Hari Balasubramanian, assistant professor in our Mechanical and Industrial Engineering Department, is working with emergency department directors and faculty at UMass Memorial Medical Center to identify bottlenecks, improve efficiency, and reduce patient waiting time in the emergency room. They plan to assess the usefulness of two engineering methods — computerized discrete event simulation (DES) and wireless identification technology, also known as radio-frequency identification (RFID) — to study how variables interact, such as doctor and nurse staffing levels, intake flow and procedures, and injury or disease severity, to affect efficient use of resources.
They are using mathematical models and wireless tagging techniques to study hospital emergency room operations under a two-year $150,000 Life Sciences Moment grant from the President’s Office and the Medical School.
Catching a plane on time, we seldom think about the systems planning required to achieve that success, as Balasubramanian says. “When things work, we seldom ask why. But many operations management researchers are asking exactly this question, as well as why things go wrong. They are also designing and testing more efficient operations models.”
A new faculty member, Balasubramanian is teaming up with Eric Dickson, Katherine Harrison, and others at UMass Memorial Medical Center.
As Balasubramanian explains, DES modeling software uses actual time-motion data on patient and clinician activities, which can be used to simulate a variety of scenarios that can confront ER staff. Once ranges have been established for the variables, the modeler can ask the computer to run 200 or 250 randomly created mock patients through the system, basically simulating a busy day at the ER.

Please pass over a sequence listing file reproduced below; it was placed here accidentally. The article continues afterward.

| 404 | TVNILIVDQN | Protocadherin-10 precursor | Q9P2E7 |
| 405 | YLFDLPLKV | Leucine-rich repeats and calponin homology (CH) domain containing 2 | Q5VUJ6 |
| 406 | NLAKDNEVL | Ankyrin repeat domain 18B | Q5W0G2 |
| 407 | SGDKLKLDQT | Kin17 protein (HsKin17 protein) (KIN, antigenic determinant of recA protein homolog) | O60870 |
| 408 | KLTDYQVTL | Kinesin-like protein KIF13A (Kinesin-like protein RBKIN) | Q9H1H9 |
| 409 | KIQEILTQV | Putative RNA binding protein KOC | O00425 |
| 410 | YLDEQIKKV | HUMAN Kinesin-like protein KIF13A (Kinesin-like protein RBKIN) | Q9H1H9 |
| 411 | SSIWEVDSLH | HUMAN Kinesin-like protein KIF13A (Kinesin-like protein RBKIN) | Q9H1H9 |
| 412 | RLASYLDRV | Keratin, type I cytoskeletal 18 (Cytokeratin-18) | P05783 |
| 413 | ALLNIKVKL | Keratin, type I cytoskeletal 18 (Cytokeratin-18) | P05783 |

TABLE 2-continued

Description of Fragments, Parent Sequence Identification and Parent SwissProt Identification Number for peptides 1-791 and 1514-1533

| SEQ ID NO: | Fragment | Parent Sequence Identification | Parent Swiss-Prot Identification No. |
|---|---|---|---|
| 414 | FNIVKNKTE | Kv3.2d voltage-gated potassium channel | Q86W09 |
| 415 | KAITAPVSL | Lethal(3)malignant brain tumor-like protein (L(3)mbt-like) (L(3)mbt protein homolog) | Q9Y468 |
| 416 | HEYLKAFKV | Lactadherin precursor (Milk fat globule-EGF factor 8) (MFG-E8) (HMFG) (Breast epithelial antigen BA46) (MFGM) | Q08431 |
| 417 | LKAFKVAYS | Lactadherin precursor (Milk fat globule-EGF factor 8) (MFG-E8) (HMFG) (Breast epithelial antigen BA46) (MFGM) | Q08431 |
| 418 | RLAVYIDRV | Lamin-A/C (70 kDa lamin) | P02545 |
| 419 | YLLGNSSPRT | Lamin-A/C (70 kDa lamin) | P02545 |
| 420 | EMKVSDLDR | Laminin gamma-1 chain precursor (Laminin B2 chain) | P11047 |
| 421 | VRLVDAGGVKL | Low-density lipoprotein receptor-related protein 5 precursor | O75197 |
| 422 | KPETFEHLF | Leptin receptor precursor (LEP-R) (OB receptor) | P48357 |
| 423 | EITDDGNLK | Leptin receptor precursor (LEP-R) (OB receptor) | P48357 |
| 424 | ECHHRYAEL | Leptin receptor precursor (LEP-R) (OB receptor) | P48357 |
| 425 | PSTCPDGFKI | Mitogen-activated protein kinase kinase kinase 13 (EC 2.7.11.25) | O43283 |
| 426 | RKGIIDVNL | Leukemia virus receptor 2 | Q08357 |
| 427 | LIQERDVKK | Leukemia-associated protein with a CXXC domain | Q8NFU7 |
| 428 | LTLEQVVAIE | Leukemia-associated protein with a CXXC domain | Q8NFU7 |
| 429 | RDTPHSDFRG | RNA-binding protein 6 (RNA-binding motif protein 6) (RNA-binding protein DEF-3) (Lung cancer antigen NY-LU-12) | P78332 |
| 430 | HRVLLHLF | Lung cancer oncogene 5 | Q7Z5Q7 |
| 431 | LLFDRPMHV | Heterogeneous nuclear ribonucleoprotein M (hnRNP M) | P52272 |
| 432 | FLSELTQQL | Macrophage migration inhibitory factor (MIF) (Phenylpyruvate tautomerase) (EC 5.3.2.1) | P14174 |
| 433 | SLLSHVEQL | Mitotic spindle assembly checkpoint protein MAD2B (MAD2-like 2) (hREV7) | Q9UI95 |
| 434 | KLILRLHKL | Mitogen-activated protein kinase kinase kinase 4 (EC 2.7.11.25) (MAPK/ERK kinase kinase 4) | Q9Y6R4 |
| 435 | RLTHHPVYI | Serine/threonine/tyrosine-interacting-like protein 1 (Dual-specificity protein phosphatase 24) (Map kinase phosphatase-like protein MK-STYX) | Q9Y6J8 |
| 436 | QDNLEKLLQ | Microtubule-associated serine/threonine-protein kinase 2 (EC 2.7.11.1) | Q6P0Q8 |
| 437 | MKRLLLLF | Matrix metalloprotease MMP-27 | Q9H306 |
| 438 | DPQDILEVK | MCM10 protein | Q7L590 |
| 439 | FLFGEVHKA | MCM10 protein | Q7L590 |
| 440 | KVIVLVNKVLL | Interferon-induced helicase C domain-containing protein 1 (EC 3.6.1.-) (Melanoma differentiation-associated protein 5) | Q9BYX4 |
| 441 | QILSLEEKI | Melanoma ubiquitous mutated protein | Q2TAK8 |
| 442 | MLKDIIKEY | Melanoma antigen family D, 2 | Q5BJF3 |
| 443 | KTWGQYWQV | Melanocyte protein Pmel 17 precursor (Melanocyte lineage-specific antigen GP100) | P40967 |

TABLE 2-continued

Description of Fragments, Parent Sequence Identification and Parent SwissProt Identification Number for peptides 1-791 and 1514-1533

“It’s understood that a model will never capture reality perfectly what happens in a real emergency department,” Balasubramanian points out. "But a successful one should match it with a minor error rate."
With the DES model established, the research team and emergency department directors can run various scenarios and experiment with targeted interventions to test the effects of, for example, moving intake and registration tasks from the patient’s first ER interaction or event to later, at the bedside, without having to experiment in real time and put real patients at risk.
In a second phase of this study, Balasubramanian and colleagues plan to tag patients with RFID bracelets to track their progress through the system using multiple time stamps. These data should help to further test and validate patient outcomes, including time to discharge or assign a patient to an inpatient bed, for example, and to identify bottlenecks and treatment delays, which may put patients at higher risk. This study phase should help Dickson, Balasubramanian, and colleagues understand patient flow in an emergency department at a level of detail not yet described in the medical literature, they say. They hope to begin initial RFID tagging this spring and refine deployment including tests of interventions next summer.
In the future Balasubramanian, Dickson, and colleagues hope to include collaborators in other emergency departments, such as the one at Baystate Medical Center in Springfield. (February 2010)